You will feel it off the driver, and it is just firm enough to be informative. "How can it be firm at all? I thought the core was 0 compression?" -- Well yes, that part is true. That's the marketing gimmick. Sure--"The Core" is 0 compression,-- BUT-- golf balls work off of an "Overall" compression rating. The core is only one factor that determines "Overall Compression." The new Pinnacle Lady Clear, has a core compression of only 50--yet the ball's "OVERALL" compression rating is 80. Based on side by side swing tests @ Sycamore Creek, I'd have to guesstimate it's rate at 75. It's feel is dead center between the Volvik Prospect (a true 70 overall compression rated ball) and the Snake Eyes Tour 3 piece (which sports an Overall compression rating of 80.) Trust me--this ball is soft--a bit poofy at times, but never mushy. Distance wise she goes far. Right up there with the Pro V1, and only single digit yardage behind the Callaway HX 56, and the Bridgestone B330-S. The 312 Dimple pattern limits her from reaching her apex too fast, so it's one of those beautiful glide right up to the Apex, and glide right back down. Steady ascent, flat-line, steady descent. True trajectory at all times.
Long Irons/Hybrids/Fairway Metals
312 Dimple Count usually means true trajectory. (That's one reason Nike stole the pattern for their "Juice Ball.") Don't count on her getting up too quickly, unless you really hit down on it. Otherwise this ball has a trajectory more like a field gun than a howitzer. If you chunk your 3 wood, you're probably not going to like this ball. If you hate hitting balloon shots with your hybrids--you're going to love this ball. As stated earlier, the ascent and descent are both gradual. If you miss-hit your long irons, this ball's flight path won't help you much, but the softer feel will definitely remove some of the pain from the shockwave we all dread, and know as--"The Hogan Sting."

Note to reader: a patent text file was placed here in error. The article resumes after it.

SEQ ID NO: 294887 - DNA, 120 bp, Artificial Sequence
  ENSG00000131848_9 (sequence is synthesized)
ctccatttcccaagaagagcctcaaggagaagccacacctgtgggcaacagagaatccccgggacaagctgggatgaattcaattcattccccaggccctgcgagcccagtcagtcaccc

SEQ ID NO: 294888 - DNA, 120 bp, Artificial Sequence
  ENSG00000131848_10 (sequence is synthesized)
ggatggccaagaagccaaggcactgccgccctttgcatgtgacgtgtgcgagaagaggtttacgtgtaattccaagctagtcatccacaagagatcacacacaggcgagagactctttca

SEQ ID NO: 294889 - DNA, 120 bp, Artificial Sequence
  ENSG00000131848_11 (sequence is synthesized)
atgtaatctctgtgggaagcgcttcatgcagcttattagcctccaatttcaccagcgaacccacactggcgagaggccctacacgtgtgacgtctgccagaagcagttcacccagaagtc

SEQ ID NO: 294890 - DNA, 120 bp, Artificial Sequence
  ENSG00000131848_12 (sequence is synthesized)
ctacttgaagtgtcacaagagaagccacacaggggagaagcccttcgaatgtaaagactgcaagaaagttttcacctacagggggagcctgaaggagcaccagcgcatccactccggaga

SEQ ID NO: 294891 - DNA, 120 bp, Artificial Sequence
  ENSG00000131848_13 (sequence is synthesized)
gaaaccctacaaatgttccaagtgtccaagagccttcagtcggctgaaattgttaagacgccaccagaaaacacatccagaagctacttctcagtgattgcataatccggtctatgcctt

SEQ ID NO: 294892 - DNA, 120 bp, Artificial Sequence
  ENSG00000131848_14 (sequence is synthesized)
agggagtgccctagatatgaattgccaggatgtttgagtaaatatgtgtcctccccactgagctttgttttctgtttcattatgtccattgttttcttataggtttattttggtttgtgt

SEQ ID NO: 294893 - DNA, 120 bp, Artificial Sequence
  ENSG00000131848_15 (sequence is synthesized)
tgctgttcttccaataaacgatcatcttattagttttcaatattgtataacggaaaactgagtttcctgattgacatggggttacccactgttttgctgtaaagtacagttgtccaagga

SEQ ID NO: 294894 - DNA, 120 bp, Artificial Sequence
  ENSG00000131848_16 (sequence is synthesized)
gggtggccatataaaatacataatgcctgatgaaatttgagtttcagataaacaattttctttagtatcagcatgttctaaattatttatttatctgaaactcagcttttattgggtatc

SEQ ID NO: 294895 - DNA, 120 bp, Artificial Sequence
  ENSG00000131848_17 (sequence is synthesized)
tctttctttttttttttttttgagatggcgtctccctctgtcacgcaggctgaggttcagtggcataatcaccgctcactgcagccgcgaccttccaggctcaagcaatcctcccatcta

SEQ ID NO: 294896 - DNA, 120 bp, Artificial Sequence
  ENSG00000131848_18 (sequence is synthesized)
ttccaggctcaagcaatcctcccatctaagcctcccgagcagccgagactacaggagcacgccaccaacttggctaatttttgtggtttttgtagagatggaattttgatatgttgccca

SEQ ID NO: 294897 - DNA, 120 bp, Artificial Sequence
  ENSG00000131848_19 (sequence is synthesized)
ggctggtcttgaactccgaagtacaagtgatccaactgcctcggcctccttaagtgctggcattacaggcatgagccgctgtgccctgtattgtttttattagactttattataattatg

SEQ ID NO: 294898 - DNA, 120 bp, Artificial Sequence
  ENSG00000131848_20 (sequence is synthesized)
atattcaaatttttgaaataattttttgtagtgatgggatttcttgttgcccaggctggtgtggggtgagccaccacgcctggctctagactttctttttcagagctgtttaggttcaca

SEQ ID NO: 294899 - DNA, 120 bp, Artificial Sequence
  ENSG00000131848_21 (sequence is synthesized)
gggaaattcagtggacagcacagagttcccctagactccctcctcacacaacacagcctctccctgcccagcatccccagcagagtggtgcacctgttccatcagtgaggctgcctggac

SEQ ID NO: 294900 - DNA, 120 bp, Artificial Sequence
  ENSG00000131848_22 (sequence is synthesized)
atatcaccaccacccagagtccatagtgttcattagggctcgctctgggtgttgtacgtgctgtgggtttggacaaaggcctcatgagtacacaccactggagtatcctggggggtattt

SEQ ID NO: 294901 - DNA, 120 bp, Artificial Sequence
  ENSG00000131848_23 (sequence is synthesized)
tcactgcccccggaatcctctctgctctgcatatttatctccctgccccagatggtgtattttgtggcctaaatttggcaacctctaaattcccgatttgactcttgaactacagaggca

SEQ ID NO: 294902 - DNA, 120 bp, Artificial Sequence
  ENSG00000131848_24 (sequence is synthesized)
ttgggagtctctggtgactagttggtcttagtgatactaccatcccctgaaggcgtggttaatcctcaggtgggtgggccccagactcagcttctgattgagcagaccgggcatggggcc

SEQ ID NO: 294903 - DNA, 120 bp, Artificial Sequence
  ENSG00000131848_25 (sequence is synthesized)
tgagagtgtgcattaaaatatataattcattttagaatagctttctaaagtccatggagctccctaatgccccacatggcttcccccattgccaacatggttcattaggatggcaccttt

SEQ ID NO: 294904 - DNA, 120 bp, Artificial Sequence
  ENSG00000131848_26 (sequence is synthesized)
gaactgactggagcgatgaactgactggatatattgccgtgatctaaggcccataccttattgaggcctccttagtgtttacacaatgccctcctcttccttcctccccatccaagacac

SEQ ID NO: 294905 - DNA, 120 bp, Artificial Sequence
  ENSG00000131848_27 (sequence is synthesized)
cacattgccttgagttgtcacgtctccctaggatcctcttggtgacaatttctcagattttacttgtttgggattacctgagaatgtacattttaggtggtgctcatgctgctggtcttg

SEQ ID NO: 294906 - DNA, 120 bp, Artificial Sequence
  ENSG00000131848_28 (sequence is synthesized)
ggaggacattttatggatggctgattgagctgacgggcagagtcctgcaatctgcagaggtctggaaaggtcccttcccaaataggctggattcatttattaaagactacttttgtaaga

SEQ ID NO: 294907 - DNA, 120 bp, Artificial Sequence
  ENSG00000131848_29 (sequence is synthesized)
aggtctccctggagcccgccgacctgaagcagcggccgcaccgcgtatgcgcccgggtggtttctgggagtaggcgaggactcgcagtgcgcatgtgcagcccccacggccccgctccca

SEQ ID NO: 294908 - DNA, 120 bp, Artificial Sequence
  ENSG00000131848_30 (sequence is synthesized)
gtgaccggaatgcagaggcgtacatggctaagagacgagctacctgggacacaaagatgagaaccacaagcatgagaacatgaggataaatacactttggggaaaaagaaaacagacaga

Yes she is a pin-seeker's delight. You can aim at them from out there, and she'll deliver. Not only will the 312 Dimple Pattern help her hold the line against a 2-club wind, but the spin from the mantle during flight (oops--I mean "speed mantle") and Ionomer cover while landing greenside will help her spin back. I actually saw her jam on the brakes after my buddy hit a 2-iron stinger from way out in BFE--onto a short and narrow green. I was achieving similar performance w/my mid irons. Point, aim. "POOF", and away she goes. She goes where you aim her at address, feels soft at impact, but flies true to her target. Never too high, and never too low--the proverbial "Goldilocks Trajectory".
Short Irons and Wedges
These babies help give your lasers some focus. They fly just high enough to do the job. If you do want a higher trajectory, just hit down a little more, and you've got an instant mortar shot. I popped several up high to land soft w/my lob wedge. In other words--312 dimple count provides a pretty generic sort of trajectory, but the ball is so well made and balanced, that you can work her up and down, as well as left to right.
The famous muted click is there, for a great audible cue. I'd like to say she provides just the right amount of cling off of the putter's face for a brilliant tactile cue--but that would be a lie. Occasionally after "clicking" off my putter-she just felt like "POOF". This was no where near the problem I started to experience w/the old Nike Super Softs, which "POOFED" off of every club. It just happened when I failed to keep my focus. Hey--it's tough for any ball w/this low of a compression rating to not feel poofy at times, but overall, she was almost The Goldilocks Ball. Not too soft, not too hard...but juuuuust right."
Thanks to my CL Abraham for providing this link for the links.
Amount Paid (US$): 29.99